Reporting Karen Anderson
BOSTON (CBS) – Whether its student loans, transportation, or heating assistance, millions of Americans get a helping hand from the federal government.
But the so-called fiscal cliff threatens the funding for many of those services if lawmakers don’t reach a deal by the end of the year.
Up to 10-percent of discretionary federal spending could be cut.
That means the financial aid for thousands of students at UMass could be in jeopardy.
That money can make the difference whether a student can even stay in school.
The budget cuts would run the gamut and affect people in ways they never imagined.
“Even if they go into effect temporarily, it would mean substantial reductions in aid to schools, reductions in highway construction, retiring Rep. Barney Frank told WBZ.
Swampscott Town Administrator Thomas Younger says even towns on solid financial footing would feel the pinch.
There would be a ripple effect, he says, because Washington would send less money to the state and that would turn into less local aid to cities and towns.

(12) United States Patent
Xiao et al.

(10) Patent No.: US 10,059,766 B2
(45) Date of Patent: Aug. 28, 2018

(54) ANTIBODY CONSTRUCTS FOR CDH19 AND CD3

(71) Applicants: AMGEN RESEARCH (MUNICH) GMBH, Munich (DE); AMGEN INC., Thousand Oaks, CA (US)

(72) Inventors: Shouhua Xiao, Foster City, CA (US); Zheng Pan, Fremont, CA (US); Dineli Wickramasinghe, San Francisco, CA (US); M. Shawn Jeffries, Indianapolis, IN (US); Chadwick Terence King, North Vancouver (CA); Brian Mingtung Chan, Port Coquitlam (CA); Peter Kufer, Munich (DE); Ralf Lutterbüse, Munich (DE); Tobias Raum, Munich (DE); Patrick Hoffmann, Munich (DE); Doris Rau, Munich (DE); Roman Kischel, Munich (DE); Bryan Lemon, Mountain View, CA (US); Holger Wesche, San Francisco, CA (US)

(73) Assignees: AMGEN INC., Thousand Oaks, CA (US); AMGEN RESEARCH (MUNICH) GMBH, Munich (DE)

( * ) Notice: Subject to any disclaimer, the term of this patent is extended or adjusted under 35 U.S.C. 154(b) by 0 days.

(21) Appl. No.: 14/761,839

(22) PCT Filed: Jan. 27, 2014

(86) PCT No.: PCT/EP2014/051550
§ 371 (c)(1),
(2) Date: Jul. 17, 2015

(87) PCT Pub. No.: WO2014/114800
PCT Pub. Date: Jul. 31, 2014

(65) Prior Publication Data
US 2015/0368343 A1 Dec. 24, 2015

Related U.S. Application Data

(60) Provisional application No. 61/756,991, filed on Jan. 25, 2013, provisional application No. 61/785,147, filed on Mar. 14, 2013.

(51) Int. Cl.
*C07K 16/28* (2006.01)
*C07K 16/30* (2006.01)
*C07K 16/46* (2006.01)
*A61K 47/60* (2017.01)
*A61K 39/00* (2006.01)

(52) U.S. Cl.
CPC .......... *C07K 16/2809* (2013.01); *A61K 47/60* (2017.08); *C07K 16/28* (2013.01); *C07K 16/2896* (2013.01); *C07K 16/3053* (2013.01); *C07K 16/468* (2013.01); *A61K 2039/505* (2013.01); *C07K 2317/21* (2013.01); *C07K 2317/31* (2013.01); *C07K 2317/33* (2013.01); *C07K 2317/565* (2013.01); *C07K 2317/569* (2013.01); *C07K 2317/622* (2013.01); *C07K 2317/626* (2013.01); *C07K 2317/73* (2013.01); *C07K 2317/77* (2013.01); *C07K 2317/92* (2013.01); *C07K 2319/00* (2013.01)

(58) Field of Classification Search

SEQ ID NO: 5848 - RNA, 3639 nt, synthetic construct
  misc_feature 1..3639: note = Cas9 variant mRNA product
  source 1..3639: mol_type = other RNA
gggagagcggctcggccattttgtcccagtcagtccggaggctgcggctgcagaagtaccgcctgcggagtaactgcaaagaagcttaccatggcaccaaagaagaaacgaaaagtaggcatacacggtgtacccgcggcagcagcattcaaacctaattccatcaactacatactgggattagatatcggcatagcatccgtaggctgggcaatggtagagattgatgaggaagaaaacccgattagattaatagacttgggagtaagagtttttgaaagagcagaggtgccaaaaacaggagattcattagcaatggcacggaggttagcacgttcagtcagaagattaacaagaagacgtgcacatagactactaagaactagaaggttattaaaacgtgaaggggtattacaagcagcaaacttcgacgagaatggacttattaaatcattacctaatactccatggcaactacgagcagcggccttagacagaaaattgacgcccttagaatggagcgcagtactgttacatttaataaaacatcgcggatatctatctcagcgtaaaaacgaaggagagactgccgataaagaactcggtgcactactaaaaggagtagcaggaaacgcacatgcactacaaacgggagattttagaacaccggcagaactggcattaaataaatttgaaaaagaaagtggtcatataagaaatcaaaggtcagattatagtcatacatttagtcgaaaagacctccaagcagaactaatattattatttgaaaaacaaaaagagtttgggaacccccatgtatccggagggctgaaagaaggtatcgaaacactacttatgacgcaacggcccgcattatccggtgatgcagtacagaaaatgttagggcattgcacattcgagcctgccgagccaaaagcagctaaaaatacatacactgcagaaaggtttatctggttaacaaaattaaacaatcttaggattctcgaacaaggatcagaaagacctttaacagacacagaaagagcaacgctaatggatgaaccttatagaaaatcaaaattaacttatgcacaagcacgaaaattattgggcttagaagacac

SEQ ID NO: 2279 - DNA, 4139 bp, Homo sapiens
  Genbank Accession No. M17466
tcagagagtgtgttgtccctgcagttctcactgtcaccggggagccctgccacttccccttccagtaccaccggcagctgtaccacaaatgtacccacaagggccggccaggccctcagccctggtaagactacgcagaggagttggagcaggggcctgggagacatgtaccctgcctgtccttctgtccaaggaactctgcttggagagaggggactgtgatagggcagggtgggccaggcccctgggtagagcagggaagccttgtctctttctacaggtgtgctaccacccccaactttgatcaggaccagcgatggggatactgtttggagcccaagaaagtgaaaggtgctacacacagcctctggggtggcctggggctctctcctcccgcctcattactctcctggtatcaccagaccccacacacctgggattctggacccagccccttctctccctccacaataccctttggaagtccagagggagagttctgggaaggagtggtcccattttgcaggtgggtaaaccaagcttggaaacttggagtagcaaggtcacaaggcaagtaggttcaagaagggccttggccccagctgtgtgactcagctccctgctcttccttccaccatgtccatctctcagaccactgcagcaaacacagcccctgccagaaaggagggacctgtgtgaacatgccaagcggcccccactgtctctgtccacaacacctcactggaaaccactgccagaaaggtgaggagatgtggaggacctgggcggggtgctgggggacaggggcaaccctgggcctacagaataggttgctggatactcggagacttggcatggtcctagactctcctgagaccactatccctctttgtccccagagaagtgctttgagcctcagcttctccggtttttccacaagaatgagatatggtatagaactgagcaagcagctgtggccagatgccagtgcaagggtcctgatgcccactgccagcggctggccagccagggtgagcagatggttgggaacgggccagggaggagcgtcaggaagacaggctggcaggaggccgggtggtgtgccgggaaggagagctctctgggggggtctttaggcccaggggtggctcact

“It cuts across all demographics,” Younger told WBZ.
“There would be a program that would be reduced, so whether it is a school program or if the schools are fully funded on that, would there be another program within general government that would need to be reduced?”
So that might mean road construction comes to a halt.
Or libraries will be closed.
Or even worse, according to Mark Alston-Follansbee of the Somerville Homeless Coalition.
Almost half of their funding is from the feds and pleas for help continue to rise.
“The biggest fear of this cliff is that we are going to be inundated even more than we have been now, and we are not going to have the resources to help people,” he said.
Massachusetts Congressman Michael Capuano thinks the fiscal cliff debate is muddied because many of us don’t think we use government services.
He said we forget about roads and bridges and un-glamorous things, like subsidies for water treatment plants.
CBSBoston.com will have an expert on call for a live Q&A Monday through Friday from 5:30 – 6:30 p.m. to answer your questions about the fiscal cliff.
The series “Inside the Fiscal Cliff” airs all week at 5 and 11 p.m. on WBZ-TV and at 5:55 a.m., 8:55 a.m., 12:21 p.m., and 4:55 p.m. on WBZ NewsRadio 1030.